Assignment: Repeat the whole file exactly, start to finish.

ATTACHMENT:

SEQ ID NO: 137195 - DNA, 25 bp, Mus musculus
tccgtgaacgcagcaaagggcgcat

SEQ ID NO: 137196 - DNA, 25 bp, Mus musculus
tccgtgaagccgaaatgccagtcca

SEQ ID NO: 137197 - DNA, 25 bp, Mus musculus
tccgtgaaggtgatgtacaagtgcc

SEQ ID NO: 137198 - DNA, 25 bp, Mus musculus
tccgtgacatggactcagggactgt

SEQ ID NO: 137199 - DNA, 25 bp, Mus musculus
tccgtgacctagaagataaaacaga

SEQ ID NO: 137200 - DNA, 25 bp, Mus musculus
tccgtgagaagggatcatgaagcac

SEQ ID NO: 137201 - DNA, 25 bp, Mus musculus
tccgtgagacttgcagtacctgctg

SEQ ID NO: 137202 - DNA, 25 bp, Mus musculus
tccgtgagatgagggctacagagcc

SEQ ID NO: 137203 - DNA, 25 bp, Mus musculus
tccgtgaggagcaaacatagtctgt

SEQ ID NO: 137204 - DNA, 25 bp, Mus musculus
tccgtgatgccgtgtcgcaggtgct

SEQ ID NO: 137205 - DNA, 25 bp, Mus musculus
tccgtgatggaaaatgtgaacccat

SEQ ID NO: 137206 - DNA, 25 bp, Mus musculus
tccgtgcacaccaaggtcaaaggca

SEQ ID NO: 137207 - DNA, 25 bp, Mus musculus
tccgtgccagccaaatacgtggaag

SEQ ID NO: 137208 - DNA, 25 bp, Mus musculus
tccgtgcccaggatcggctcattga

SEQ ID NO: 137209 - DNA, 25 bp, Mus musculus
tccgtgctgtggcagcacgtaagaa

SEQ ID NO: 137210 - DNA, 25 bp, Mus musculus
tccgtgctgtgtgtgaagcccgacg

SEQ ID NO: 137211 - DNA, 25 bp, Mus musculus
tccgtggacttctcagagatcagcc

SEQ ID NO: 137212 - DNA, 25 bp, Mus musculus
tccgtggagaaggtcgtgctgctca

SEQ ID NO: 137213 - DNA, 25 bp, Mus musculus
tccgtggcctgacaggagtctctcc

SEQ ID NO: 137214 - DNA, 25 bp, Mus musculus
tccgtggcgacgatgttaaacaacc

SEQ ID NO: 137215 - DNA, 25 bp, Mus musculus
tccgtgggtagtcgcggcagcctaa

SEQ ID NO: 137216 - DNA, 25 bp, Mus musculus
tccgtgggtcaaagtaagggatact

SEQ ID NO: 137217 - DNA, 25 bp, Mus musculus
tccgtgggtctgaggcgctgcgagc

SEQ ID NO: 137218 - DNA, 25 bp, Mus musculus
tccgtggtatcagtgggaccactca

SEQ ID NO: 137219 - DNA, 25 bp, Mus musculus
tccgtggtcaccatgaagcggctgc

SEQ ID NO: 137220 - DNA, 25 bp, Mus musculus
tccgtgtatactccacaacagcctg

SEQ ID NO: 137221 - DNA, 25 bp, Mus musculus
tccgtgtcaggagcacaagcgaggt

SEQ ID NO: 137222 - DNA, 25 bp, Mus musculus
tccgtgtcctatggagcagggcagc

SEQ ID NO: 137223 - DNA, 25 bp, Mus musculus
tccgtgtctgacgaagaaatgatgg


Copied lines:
SEQ ID NO: 137195 - DNA, 25 bp, Mus musculus
tccgtgaacgcagcaaagggcgcat

SEQ ID NO: 137196 - DNA, 25 bp, Mus musculus
tccgtgaagccgaaatgccagtcca

SEQ ID NO: 137197 - DNA, 25 bp, Mus musculus
tccgtgaaggtgatgtacaagtgcc

SEQ ID NO: 137198 - DNA, 25 bp, Mus musculus
tccgtgacatggactcagggactgt

SEQ ID NO: 137199 - DNA, 25 bp, Mus musculus
tccgtgacctagaagataaaacaga

SEQ ID NO: 137200 - DNA, 25 bp, Mus musculus
tccgtgagaagggatcatgaagcac

SEQ ID NO: 137201 - DNA, 25 bp, Mus musculus
tccgtgagacttgcagtacctgctg

SEQ ID NO: 137202 - DNA, 25 bp, Mus musculus
tccgtgagatgagggctacagagcc

SEQ ID NO: 137203 - DNA, 25 bp, Mus musculus
tccgtgaggagcaaacatagtctgt

SEQ ID NO: 137204 - DNA, 25 bp, Mus musculus
tccgtgatgccgtgtcgcaggtgct

SEQ ID NO: 137205 - DNA, 25 bp, Mus musculus
tccgtgatggaaaatgtgaacccat

SEQ ID NO: 137206 - DNA, 25 bp, Mus musculus
tccgtgcacaccaaggtcaaaggca

SEQ ID NO: 137207 - DNA, 25 bp, Mus musculus
tccgtgccagccaaatacgtggaag

SEQ ID NO: 137208 - DNA, 25 bp, Mus musculus
tccgtgcccaggatcggctcattga

SEQ ID NO: 137209 - DNA, 25 bp, Mus musculus
tccgtgctgtggcagcacgtaagaa

SEQ ID NO: 137210 - DNA, 25 bp, Mus musculus
tccgtgctgtgtgtgaagcccgacg

SEQ ID NO: 137211 - DNA, 25 bp, Mus musculus
tccgtggacttctcagagatcagcc

SEQ ID NO: 137212 - DNA, 25 bp, Mus musculus
tccgtggagaaggtcgtgctgctca

SEQ ID NO: 137213 - DNA, 25 bp, Mus musculus
tccgtggcctgacaggagtctctcc

SEQ ID NO: 137214 - DNA, 25 bp, Mus musculus
tccgtggcgacgatgttaaacaacc

SEQ ID NO: 137215 - DNA, 25 bp, Mus musculus
tccgtgggtagtcgcggcagcctaa

SEQ ID NO: 137216 - DNA, 25 bp, Mus musculus
tccgtgggtcaaagtaagggatact

SEQ ID NO: 137217 - DNA, 25 bp, Mus musculus
tccgtgggtctgaggcgctgcgagc

SEQ ID NO: 137218 - DNA, 25 bp, Mus musculus
tccgtggtatcagtgggaccactca

SEQ ID NO: 137219 - DNA, 25 bp, Mus musculus
tccgtggtcaccatgaagcggctgc

SEQ ID NO: 137220 - DNA, 25 bp, Mus musculus
tccgtgtatactccacaacagcctg

SEQ ID NO: 137221 - DNA, 25 bp, Mus musculus
tccgtgtcaggagcacaagcgaggt

SEQ ID NO: 137222 - DNA, 25 bp, Mus musculus
tccgtgtcctatggagcagggcagc

SEQ ID NO: 137223 - DNA, 25 bp, Mus musculus
tccgtgtctgacgaagaaatgatgg